Published: November 2013
After nine months of lobbying by local business leaders and other Boston College allies, notably Senator Edward Kennedy and Representative Thomas P. O’Neill, Jr. ’36, President John F. Kennedy arrived on the Heights on April 20, 1963, to address the University’s Centennial Convocation, an assembly that capped five weeks of lectures, performances, panel discussions, and receptions. University President Michael P. Walsh, SJ, introduced Kennedy to an Alumni Stadium audience of 30,000 that included elected officials, church leaders, and representatives from 294 colleges and universities. Harvard president Nathan Pusey, Georgetown president Edward B. Bunn, SJ, and British economist Barbara Ward Jackson were present to receive honorary degrees. (Kennedy was given his honorary degree in 1956 when, as a senator, he delivered the Commencement address.) Despite the pageantry, the scene had an informality and intimacy that are unthinkable today—with two students scrambling on the bleachers behind Kennedy to find a seat close to the president (43 seconds into the video) and Kennedy chuckling at his joke about his Boston accent.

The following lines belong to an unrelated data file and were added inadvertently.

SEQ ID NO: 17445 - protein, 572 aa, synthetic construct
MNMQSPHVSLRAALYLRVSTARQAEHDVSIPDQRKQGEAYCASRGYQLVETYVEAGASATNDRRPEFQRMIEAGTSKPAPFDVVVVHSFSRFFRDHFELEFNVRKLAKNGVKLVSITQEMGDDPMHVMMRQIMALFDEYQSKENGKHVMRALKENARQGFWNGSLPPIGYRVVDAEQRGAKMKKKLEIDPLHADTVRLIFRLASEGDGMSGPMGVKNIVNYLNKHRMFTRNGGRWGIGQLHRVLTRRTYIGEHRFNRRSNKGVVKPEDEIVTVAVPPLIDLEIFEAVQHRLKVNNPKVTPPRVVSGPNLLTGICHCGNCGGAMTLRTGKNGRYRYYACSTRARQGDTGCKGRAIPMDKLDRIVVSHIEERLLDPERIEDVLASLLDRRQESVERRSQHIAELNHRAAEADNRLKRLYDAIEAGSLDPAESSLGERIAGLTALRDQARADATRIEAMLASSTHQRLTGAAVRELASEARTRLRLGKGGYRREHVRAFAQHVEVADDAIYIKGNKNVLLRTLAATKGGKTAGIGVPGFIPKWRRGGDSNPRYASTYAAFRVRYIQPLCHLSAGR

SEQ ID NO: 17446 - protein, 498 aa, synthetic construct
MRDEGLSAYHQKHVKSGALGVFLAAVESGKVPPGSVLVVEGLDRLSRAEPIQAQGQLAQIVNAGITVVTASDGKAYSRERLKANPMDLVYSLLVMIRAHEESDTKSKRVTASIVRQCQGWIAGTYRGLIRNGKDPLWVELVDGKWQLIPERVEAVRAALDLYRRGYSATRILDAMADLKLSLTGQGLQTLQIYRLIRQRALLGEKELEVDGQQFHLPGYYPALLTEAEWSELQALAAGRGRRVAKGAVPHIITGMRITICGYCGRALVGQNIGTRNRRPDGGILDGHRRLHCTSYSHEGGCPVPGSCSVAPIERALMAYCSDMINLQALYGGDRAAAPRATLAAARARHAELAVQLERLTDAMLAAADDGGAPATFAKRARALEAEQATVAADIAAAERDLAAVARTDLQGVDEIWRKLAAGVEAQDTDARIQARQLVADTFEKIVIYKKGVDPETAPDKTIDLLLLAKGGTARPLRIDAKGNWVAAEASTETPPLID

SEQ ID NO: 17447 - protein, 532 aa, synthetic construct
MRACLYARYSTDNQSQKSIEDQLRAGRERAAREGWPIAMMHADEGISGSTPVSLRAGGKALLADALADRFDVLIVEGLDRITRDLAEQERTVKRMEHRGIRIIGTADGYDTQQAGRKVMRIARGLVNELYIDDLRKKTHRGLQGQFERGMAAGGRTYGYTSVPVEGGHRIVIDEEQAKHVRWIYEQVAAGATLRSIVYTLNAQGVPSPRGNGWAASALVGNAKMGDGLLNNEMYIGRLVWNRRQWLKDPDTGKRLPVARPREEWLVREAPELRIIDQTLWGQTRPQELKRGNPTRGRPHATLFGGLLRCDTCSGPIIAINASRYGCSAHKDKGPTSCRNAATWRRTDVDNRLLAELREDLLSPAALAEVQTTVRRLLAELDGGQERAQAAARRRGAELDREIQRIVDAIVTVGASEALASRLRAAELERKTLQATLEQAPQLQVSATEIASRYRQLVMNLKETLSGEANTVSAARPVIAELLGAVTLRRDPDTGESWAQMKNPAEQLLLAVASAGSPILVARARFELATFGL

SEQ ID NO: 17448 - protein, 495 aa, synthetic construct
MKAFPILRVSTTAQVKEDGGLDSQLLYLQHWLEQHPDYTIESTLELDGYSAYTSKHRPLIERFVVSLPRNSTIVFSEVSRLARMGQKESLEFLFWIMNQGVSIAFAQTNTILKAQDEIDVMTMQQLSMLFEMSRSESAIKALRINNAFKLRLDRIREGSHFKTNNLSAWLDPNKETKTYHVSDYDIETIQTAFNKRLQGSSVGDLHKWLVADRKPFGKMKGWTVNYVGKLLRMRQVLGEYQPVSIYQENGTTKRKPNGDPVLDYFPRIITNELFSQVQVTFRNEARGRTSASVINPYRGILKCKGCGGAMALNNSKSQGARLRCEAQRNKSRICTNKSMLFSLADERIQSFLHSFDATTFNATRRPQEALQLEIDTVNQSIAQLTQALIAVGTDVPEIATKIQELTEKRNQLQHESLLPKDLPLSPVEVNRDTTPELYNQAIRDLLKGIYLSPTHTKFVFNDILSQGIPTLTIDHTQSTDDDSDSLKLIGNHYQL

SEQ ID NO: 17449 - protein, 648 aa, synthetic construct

View Kennedy’s typed speech with his handwritten changes.